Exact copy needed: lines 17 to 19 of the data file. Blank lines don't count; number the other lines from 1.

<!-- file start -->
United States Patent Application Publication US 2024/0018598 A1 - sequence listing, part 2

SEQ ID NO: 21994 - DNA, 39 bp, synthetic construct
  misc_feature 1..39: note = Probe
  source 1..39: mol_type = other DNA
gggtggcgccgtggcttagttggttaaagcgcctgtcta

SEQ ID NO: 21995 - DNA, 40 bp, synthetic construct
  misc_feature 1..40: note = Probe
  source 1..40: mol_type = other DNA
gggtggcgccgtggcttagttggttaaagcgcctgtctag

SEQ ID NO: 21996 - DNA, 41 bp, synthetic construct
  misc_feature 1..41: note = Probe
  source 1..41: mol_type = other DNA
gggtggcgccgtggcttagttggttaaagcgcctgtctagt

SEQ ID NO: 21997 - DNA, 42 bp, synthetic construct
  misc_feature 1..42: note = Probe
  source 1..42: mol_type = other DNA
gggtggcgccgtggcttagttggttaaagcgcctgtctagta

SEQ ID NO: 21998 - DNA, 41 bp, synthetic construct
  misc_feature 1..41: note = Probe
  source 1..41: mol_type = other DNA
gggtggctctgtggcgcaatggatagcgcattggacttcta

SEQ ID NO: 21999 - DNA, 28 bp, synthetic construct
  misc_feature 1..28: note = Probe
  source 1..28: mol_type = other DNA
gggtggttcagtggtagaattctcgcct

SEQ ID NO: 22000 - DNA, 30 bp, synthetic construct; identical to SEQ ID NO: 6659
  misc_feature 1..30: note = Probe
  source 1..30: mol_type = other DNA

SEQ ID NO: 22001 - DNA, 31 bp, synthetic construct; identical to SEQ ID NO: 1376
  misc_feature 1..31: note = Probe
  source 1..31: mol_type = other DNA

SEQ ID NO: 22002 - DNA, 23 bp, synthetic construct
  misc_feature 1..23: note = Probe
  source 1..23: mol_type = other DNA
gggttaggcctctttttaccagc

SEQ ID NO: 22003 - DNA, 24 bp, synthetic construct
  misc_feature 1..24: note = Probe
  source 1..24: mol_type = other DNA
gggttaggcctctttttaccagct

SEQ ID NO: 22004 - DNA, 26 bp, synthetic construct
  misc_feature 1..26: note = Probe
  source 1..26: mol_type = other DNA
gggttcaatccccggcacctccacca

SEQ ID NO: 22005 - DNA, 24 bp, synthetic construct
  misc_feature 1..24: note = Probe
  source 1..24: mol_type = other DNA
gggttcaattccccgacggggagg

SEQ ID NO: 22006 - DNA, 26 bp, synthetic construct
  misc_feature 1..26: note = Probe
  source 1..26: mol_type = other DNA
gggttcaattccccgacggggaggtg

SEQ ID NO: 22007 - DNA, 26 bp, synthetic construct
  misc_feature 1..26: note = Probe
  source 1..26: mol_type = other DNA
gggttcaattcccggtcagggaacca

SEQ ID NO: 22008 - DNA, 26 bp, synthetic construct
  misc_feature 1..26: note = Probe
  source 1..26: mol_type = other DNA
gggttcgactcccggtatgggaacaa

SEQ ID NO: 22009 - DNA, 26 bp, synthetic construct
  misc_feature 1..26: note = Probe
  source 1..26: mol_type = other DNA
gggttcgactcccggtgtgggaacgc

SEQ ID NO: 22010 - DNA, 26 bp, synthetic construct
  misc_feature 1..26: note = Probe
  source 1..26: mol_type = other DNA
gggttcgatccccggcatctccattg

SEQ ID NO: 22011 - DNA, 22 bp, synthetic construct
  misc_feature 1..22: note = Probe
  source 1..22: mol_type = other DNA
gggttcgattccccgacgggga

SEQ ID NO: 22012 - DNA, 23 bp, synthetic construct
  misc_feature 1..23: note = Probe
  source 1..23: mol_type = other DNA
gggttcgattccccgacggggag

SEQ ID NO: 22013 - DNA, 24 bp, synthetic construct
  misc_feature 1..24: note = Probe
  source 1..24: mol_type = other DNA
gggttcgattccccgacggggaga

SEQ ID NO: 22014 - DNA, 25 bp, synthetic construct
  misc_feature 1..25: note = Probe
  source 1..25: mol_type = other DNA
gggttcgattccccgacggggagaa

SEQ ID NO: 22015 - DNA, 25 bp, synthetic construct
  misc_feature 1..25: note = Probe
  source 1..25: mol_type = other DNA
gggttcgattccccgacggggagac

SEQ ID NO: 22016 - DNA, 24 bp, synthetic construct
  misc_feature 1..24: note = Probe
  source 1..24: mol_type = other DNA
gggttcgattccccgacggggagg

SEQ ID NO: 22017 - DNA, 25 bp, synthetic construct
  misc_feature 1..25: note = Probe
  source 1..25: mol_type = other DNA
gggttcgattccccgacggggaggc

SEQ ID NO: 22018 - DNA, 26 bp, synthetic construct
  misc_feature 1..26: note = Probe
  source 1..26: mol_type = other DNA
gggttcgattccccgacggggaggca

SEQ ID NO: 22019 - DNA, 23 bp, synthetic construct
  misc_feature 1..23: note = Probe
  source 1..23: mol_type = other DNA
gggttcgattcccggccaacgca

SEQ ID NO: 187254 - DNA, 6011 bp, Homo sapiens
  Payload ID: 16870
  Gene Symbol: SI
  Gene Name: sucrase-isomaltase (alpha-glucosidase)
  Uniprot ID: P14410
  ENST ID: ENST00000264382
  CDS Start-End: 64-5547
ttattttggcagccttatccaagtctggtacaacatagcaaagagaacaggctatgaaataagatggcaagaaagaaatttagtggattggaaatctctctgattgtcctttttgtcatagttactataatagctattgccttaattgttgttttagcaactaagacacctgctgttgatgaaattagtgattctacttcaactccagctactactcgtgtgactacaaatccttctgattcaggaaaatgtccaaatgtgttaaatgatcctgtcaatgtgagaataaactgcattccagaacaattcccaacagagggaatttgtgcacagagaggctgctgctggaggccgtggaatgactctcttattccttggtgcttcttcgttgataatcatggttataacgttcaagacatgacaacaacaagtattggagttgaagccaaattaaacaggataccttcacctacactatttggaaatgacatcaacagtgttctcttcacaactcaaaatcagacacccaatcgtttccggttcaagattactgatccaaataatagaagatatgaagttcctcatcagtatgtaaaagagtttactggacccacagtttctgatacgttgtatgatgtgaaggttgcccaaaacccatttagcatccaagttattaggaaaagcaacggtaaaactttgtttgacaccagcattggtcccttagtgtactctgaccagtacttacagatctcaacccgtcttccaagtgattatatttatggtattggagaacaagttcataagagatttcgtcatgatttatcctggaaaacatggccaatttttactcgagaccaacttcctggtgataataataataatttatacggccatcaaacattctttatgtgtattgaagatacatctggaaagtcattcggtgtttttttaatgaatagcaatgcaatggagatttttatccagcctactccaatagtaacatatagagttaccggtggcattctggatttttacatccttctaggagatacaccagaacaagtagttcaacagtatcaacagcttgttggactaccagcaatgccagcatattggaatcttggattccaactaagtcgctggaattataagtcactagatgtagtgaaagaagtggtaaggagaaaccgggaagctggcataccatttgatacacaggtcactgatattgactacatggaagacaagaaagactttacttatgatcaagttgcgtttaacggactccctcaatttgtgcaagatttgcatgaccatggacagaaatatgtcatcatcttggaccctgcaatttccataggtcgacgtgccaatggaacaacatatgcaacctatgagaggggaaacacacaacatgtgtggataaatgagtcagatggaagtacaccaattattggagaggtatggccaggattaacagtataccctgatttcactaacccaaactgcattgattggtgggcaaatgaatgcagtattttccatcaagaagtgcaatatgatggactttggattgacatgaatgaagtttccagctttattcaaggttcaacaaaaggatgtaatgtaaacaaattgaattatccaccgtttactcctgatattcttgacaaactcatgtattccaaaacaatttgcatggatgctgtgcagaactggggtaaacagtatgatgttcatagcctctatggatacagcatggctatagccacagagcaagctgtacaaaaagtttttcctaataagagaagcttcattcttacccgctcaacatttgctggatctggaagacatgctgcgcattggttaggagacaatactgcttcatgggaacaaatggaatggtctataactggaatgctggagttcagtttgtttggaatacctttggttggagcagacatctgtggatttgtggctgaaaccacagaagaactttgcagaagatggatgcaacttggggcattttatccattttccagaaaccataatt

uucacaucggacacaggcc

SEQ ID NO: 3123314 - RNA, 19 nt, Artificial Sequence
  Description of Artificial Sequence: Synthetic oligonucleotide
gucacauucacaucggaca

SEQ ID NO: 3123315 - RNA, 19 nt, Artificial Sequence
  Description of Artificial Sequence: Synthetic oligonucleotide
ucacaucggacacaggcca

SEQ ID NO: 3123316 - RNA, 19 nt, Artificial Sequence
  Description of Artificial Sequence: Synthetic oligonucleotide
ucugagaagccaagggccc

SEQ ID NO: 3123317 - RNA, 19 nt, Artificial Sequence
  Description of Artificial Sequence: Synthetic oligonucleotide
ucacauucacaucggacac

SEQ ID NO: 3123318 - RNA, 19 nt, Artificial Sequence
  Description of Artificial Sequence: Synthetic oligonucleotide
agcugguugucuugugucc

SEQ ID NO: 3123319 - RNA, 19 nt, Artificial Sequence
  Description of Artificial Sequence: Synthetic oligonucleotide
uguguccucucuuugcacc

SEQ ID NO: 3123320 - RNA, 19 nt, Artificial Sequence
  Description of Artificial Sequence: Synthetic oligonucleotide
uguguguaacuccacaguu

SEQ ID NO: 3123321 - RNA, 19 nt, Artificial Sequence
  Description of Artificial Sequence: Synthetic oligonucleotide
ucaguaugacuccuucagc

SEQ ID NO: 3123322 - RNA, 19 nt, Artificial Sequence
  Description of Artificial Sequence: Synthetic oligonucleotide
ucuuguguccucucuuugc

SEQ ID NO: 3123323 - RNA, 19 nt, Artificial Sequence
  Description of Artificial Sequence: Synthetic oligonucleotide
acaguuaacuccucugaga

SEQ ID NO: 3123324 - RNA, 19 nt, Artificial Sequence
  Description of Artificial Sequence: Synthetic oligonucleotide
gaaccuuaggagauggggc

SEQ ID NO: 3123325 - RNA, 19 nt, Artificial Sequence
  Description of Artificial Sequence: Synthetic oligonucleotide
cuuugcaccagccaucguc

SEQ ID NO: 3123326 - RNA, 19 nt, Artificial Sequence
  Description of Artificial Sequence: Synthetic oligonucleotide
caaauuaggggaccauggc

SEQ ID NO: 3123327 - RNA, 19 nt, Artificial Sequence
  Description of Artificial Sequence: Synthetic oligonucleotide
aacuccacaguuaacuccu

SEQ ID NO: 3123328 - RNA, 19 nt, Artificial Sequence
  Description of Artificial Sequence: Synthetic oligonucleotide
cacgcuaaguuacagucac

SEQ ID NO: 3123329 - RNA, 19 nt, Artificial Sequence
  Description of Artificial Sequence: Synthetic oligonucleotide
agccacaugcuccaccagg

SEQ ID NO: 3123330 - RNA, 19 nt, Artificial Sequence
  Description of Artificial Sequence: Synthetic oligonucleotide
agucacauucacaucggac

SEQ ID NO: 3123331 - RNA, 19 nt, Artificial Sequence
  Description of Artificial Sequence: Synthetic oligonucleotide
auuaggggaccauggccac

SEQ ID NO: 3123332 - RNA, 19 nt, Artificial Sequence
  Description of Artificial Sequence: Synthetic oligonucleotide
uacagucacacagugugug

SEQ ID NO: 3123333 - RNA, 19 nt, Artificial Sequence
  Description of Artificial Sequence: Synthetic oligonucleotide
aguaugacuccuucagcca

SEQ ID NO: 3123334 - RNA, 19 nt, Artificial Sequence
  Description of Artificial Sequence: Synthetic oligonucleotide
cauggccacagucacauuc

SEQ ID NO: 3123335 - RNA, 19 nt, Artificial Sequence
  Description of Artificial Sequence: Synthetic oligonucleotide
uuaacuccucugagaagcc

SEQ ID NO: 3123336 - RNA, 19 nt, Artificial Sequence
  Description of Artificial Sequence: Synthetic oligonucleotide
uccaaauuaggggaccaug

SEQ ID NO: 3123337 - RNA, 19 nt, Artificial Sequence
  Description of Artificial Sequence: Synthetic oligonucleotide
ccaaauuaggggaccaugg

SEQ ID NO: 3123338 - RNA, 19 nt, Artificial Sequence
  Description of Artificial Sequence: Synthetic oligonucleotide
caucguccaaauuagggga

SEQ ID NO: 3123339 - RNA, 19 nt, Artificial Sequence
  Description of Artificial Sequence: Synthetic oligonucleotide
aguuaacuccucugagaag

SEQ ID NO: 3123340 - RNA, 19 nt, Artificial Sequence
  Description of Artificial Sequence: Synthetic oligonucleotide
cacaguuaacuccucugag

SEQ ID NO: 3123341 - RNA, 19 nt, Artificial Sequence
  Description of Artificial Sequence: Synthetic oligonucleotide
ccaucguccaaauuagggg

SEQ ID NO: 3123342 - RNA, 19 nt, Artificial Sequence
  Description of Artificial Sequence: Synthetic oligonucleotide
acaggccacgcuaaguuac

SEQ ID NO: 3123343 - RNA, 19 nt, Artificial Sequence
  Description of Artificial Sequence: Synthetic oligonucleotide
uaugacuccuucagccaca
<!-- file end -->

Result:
gggtggcgccgtggcttagttggttaaagcgcctgtctagta

SEQ ID NO: 21998 - DNA, 41 bp, synthetic construct
  misc_feature 1..41: note = Probe